- Bipolar disorder
Bi.pol.ar / dis.or.der
The highly esteemed, Mayo Clinic provides the following description of bipolar disorder: "Bipolar disorder sometimes called manic-depressive disorder — is associated with mood swings that range from the lows of depression to the highs of mania. When you become depressed, you may feel sad or hopeless and lose interest or pleasure in most activities. When your mood shifts in the other direction, you may feel euphoric and full of energy."
The mood swings experienced by an individual who suffers from bipolar disorder may only occur once or twice a year. However, in some cases, an individual may experience mood swings as frequently as once or twice a day. In rare, but severe cases of bipolar disorder, the afflicted individual may experience a confusing combination of depression and mania, simultaneously.
Troubled teens and bipolar disorder
Troubled teens who suffer from bipolar disorder may display absolute bliss one moment, but then suffer from severe depression the next.. Although these symptoms are common amongst all afflicted individuals, teens are less likely to possess the maturity of handling such shifting of moods. Due to their inability to maturely and, therefore, effectively handle their disorder, teens require immediate, clinical and therapeutic attention. Treatments such as, medications, therapy sessions, and even residential treatment may be necessary steps in appropriately addressing the issues of an adolescents' bipolar disorder.
- Boot camps for troubled teens
boot camps trou.bl.ed teen
|boōt| |kamp| |ˈtrəbəld| |tēnz|
Boot camps for troubled teens are a behavioral modification service for disobedient, troubled adolescents. Boot camps have been a popular service for parents seeking help for their insubordinate teenagers.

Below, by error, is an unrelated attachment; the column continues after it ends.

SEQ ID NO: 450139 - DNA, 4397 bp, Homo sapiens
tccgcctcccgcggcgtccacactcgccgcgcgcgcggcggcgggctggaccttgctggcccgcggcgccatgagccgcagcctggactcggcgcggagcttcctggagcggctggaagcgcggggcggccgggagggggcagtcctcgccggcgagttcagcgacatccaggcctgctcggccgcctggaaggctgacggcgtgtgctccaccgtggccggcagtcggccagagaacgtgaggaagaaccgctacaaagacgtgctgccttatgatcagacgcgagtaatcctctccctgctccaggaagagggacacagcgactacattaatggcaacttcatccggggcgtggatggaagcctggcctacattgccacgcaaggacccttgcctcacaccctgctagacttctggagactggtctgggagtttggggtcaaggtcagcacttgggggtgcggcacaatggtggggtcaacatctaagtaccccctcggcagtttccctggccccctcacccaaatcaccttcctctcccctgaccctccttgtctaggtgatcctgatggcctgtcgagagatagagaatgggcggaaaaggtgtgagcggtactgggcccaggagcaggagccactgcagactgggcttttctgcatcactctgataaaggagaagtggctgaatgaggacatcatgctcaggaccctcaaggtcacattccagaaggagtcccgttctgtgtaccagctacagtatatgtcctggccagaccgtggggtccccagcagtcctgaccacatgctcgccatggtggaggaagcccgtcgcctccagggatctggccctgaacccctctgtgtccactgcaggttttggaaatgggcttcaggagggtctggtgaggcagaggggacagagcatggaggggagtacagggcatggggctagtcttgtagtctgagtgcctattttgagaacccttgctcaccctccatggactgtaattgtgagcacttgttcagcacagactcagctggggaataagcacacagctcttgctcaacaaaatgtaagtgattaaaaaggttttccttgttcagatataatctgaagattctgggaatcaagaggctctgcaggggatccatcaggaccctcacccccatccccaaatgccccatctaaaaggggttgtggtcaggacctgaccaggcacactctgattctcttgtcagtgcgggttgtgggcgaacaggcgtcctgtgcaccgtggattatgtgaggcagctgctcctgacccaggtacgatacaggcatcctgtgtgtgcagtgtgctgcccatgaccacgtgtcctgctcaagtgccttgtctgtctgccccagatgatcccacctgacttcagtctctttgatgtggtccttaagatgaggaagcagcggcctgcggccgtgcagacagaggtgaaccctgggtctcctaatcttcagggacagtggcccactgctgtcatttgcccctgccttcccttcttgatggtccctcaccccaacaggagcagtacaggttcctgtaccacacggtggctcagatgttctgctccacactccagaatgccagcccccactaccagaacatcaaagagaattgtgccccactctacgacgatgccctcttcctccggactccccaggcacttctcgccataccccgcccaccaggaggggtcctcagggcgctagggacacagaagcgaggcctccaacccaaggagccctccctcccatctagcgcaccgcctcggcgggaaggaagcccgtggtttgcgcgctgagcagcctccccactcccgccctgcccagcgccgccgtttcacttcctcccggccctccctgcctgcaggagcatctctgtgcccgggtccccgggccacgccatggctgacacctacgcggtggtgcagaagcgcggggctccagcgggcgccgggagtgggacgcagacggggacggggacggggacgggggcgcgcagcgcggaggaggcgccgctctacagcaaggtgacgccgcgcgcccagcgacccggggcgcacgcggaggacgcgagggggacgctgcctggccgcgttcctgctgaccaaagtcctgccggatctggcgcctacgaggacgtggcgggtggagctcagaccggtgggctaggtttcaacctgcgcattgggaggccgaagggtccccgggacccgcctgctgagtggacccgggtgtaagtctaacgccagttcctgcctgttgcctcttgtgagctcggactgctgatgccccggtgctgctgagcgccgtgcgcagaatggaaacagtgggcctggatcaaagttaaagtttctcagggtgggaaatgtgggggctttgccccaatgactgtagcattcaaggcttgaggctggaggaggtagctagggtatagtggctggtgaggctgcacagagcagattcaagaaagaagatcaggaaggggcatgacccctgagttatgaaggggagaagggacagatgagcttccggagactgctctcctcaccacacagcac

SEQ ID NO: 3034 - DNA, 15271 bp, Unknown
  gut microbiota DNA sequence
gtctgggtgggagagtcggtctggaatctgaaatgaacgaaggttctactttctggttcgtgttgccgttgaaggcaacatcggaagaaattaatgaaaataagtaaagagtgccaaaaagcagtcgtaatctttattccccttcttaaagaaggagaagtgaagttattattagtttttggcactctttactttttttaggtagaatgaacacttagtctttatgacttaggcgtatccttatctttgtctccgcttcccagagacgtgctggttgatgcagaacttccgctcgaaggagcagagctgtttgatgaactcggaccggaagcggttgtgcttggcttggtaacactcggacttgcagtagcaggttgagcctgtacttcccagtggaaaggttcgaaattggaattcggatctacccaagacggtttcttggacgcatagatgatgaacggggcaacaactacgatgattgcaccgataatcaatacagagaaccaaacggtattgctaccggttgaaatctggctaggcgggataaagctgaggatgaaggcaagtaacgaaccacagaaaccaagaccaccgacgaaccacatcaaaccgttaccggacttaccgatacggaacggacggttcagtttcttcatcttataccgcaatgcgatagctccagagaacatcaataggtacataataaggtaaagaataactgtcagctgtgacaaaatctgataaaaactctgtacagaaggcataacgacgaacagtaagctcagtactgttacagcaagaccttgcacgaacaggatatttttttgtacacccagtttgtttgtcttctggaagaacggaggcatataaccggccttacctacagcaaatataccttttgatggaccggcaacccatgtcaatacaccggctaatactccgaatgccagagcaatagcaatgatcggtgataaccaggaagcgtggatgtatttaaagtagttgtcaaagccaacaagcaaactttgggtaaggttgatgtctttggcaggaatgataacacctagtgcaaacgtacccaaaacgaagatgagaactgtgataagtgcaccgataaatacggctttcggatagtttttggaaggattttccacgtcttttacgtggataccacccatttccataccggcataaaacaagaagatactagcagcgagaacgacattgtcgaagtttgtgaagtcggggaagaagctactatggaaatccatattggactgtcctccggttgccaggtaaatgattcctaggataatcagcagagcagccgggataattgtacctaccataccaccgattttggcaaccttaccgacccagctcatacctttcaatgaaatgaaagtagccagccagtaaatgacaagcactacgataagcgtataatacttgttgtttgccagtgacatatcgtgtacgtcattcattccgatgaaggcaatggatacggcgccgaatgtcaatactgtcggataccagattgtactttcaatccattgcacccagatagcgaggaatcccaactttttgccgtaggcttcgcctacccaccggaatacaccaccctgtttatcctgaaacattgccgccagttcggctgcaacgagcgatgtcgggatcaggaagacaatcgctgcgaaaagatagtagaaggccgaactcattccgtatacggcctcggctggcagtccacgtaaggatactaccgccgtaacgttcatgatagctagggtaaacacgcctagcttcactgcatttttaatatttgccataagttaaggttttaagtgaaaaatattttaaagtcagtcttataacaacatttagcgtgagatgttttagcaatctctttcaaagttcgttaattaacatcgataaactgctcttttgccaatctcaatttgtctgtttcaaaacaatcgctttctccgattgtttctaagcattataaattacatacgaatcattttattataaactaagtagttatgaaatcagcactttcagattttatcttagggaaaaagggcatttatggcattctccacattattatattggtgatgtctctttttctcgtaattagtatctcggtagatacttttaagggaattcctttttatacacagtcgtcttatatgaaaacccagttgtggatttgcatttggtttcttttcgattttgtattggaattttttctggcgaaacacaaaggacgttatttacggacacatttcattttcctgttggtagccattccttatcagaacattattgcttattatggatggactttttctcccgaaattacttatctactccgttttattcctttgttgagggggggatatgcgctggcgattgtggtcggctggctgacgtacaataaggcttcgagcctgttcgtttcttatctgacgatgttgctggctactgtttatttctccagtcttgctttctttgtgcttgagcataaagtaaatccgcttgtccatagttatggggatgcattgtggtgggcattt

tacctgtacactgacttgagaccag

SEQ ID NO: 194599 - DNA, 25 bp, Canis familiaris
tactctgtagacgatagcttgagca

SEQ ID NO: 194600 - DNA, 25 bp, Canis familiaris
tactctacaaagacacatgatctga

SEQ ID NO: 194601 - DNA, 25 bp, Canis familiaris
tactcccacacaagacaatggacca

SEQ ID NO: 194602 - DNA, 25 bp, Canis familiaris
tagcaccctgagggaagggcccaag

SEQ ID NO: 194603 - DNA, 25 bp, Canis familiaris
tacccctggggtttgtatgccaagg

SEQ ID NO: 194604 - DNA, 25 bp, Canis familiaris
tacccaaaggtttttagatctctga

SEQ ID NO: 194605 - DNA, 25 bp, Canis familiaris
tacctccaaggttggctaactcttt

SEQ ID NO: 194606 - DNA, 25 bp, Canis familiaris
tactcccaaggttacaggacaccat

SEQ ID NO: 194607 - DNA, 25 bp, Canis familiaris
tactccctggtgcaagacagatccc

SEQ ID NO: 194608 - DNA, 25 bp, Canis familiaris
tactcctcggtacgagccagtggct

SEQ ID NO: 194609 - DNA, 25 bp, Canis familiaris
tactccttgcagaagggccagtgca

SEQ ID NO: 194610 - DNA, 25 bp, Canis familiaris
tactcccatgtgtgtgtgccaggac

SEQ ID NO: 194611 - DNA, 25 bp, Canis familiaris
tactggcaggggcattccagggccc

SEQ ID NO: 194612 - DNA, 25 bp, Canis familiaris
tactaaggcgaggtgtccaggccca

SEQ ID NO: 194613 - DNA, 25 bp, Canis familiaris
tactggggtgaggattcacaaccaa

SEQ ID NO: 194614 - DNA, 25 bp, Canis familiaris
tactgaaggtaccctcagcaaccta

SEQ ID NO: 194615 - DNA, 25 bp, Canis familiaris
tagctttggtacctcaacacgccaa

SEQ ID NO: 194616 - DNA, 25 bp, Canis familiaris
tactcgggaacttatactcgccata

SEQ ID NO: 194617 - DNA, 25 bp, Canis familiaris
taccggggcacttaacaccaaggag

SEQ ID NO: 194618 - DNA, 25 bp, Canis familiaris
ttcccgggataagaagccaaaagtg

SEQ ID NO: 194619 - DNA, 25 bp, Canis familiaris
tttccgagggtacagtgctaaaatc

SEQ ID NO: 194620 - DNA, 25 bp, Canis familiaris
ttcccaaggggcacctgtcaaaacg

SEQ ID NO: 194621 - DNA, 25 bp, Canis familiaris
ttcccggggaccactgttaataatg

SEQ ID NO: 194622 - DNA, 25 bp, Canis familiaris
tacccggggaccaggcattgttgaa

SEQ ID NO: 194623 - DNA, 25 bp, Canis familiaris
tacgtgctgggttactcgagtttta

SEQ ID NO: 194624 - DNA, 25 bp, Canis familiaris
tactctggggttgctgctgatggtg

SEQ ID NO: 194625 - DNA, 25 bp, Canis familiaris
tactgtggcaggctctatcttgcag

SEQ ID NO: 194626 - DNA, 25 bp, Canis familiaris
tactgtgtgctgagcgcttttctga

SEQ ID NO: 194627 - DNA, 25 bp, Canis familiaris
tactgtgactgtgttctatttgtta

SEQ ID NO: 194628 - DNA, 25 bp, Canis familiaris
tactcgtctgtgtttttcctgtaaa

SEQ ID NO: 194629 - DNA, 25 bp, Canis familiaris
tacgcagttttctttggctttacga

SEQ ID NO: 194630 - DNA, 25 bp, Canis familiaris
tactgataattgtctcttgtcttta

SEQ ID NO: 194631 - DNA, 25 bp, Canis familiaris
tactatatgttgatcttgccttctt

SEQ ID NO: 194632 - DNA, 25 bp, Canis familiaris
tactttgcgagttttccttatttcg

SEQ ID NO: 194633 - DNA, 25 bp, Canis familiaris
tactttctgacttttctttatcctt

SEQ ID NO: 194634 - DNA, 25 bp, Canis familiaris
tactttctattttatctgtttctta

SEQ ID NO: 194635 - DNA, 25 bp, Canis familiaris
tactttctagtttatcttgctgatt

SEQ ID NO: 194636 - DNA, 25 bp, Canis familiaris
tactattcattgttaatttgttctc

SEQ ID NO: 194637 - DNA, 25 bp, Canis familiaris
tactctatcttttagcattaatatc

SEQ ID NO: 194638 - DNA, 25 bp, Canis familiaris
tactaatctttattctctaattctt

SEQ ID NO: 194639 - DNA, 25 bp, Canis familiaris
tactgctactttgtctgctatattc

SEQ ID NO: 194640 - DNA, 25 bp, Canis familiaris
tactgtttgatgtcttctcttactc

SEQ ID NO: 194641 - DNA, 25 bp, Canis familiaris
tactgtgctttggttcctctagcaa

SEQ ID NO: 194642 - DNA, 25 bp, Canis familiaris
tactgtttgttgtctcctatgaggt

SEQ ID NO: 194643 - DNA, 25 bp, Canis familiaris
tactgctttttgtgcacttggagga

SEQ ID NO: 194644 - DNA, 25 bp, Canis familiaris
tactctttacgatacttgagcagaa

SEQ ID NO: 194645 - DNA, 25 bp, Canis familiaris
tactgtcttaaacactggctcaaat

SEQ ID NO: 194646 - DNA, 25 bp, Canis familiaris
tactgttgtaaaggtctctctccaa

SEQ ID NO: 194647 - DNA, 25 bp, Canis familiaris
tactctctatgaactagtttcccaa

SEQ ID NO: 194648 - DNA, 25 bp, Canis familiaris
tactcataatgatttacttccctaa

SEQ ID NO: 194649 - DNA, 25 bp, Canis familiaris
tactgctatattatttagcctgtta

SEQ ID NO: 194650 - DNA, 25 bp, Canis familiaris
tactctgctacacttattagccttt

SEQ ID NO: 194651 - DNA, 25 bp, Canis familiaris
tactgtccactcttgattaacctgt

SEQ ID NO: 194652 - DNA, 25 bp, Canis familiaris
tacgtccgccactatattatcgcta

Boot camps for troubled teens are a treatment program that has been around for decades. In the past, boot camps were once, perhaps, the most popular service used in correcting negative behaviors of unruly children. Recently, however, the popularity of boot camps has diminished substantially. With the rise of therapeutic insight and advancements, boot camps are now considered archaic and ineffectual by most therapeutic specialists. The change of attitude regarding boot camps is due to the negative reinforcement methods that it implement in their treatments.
In addition, changes in the behavior of troubled adolescents who enroll in a boot camp are short lived. The short-lived behavioral change is because there is limited, if any, therapeutic value in a boot camp styled treatment. Therapeutic value, is, of course, what troubled adolescents require the most in terms of therapeutic restoration.
IN conclusion, parents who are seeking treatment for their struggling adolescent should find treatment options that promote psychological wellness, instead of negative reinforcement. Treatment options, such as residential treatment offered at a therapeutic boarding school, is a much more viable options for parents to consider.